October 13th, 2010 | by Jason Slotkin News | Posted In: CLEAN UP, City Hall, Environment

Invasive Plant Warning: Pokeweed

Pokeweed Close Up
The City of Portland is calling for vigilance in preventing the spread of pokeweedan invasive and toxic plant (with a great name).

Pokeweed, a perennial berry-producing plant, has been spotted by more than one Portland resident, according to the Bureau of Environmental Services.

The plant's berries are poisonous to humans. Birds spread the plant's seeds after eating and digesting the pokeweed berries.

If you see the toxic plant (named for President Polk, FYI) on your property, the city asks that you clip and dispose of the plants' berries with the trash and not as part of yard waste.

To remove pokeweed from your property, contact Portland's Early Detection/Rapid Response program at 503-823-2989.

Here's the entire release on pokeweed from the city:


Portland property owners are reporting more sightings of pokeweed, an invasive plant relatively new to the area. Pokeweed is native to the southeastern United States, and is also found in the Midwest and all along the East Coast. Now it's popping up around the Pacific Northwest.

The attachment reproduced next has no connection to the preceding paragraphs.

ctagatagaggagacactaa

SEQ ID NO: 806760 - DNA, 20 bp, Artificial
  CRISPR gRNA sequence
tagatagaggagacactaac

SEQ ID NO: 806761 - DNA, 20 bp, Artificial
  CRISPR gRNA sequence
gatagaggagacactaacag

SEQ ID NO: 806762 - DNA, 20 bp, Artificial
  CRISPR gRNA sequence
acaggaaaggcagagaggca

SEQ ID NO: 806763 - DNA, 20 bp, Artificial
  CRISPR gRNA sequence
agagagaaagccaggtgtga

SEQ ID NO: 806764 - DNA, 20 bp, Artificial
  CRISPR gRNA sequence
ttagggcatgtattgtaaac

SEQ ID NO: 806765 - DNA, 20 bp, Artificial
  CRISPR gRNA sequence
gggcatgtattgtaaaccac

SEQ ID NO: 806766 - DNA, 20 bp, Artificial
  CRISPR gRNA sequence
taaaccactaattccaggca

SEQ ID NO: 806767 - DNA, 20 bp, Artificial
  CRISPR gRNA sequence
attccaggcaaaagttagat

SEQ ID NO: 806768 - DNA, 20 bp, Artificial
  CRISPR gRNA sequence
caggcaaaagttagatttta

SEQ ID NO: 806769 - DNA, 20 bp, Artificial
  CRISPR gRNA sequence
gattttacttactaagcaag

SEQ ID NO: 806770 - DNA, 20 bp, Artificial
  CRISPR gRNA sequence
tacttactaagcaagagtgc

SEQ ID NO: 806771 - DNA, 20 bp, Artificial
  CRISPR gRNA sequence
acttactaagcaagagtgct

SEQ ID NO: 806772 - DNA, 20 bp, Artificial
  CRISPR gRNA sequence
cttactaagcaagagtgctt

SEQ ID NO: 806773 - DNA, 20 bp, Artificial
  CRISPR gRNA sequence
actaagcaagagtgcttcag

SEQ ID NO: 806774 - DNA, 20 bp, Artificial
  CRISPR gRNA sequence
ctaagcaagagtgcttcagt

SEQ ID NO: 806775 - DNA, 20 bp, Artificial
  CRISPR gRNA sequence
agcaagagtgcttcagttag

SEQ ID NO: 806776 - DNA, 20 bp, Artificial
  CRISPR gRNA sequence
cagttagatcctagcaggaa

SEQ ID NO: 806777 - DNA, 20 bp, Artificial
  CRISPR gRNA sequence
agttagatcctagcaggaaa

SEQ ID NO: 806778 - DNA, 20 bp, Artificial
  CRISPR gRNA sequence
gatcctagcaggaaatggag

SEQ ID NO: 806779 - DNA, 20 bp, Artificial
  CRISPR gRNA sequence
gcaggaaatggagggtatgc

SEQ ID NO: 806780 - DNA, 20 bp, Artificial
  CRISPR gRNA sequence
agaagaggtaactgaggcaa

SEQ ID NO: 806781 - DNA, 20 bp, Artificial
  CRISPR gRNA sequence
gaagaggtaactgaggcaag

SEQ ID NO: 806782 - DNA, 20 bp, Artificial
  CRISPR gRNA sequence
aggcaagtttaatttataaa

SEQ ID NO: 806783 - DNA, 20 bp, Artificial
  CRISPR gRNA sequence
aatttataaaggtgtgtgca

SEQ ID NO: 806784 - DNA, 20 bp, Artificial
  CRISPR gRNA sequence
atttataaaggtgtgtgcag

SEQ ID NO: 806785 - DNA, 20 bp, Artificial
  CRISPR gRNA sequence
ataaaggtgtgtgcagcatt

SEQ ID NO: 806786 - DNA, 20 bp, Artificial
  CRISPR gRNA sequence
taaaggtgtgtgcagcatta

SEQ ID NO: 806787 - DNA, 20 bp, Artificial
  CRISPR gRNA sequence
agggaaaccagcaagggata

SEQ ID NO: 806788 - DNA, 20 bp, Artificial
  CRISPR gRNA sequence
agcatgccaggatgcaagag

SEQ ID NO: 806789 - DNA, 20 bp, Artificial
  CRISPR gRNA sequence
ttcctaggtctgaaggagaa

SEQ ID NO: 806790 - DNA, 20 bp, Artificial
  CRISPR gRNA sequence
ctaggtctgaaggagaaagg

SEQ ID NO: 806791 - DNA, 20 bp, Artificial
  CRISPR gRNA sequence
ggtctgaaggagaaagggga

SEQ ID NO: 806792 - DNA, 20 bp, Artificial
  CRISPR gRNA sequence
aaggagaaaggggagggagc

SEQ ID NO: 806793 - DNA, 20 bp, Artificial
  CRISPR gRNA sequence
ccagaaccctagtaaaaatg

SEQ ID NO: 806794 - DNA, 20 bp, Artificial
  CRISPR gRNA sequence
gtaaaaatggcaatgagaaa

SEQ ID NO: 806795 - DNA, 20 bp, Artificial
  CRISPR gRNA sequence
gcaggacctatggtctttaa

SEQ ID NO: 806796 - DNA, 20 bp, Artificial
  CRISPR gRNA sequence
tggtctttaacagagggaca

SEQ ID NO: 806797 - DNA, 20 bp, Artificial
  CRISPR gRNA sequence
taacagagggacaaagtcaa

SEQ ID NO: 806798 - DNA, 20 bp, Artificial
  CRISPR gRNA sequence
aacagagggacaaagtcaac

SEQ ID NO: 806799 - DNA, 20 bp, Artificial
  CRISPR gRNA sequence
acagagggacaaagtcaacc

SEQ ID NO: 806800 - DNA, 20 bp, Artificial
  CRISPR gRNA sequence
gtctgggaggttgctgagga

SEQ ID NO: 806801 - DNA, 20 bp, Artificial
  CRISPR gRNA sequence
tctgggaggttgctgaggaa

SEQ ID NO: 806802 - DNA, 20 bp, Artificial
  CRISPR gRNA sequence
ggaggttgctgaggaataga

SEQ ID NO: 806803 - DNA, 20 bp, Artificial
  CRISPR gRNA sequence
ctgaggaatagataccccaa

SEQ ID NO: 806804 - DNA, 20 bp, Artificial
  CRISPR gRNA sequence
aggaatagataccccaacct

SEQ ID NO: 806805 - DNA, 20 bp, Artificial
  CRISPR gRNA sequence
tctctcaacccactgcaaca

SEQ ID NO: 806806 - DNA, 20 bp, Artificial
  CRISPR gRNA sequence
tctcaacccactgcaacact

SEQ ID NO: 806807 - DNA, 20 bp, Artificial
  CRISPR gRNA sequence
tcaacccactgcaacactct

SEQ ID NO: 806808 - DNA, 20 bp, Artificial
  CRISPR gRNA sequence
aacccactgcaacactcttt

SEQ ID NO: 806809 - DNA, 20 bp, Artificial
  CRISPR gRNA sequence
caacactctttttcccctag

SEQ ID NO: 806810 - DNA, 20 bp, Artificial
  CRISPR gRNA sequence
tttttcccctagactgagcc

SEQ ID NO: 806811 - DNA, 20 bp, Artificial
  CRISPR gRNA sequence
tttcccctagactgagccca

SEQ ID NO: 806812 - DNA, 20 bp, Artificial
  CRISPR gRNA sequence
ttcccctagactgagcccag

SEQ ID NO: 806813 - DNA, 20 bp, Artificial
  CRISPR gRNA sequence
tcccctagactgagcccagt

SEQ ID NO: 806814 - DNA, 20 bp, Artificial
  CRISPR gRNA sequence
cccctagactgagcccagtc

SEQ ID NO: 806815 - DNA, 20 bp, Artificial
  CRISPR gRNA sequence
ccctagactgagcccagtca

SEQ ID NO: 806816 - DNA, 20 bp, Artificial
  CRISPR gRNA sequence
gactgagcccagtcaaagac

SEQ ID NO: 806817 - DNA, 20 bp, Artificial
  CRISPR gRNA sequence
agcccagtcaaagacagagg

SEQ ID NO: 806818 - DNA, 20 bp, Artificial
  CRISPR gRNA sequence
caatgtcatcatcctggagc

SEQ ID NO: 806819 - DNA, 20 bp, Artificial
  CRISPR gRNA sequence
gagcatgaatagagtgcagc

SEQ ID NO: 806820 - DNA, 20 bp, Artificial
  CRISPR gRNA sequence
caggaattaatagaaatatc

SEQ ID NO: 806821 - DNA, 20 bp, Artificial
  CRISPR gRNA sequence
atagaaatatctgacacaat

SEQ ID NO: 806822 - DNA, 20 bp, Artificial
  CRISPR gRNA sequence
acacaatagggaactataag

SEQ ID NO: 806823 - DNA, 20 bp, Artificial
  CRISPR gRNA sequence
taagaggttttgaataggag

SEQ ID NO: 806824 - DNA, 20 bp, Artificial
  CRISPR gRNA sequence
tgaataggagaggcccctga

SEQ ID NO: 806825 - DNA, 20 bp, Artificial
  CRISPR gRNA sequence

Pokeweed grows from a large, carrot-shaped tuber to a three to eight-foot tall shrub with reddish stems and bright green leaves. It has white blooms in summer that develop into clusters of dark berries when the plant matures in late summer and early fall. Seedlings develop quickly, and become difficult to dig up after two or three years.

Birds often eat the berries and carry the seeds to new locations, including natural areas. Left unchecked and unmanaged, pokeweed can form dense patches and overwhelm native vegetation.

Although birds seem to be immune to the berries, every part of the pokeweed plant is toxic to people. Some people eat parts of the plant (poke salad is an example). But preparation is tricky and ingesting improperly prepared pokeweed can cause severe nausea, or even death.

If you spot pokeweed on your property, you should clip the berry clusters or blooms and put them in the trash, not in your yard debris container. The City of Portland's Early Detection/Rapid Response (EDRR) Program may be able to help with removal. The EDRR staff is mapping known plants, removing berries from those plants, and researching more pokeweed management methods.

If you think you've seen pokeweed growing in Portland, or you think it's growing on your property, please contact the EDRR Program at 503-823-2989. For more information, go to the 4-County Cooperative Weed Management Area website at www.4countycwma.org and click on “Weed of the Month,” or download a pokeweed fact sheet at www.portlandonline.com/bes/pokeweed.
 
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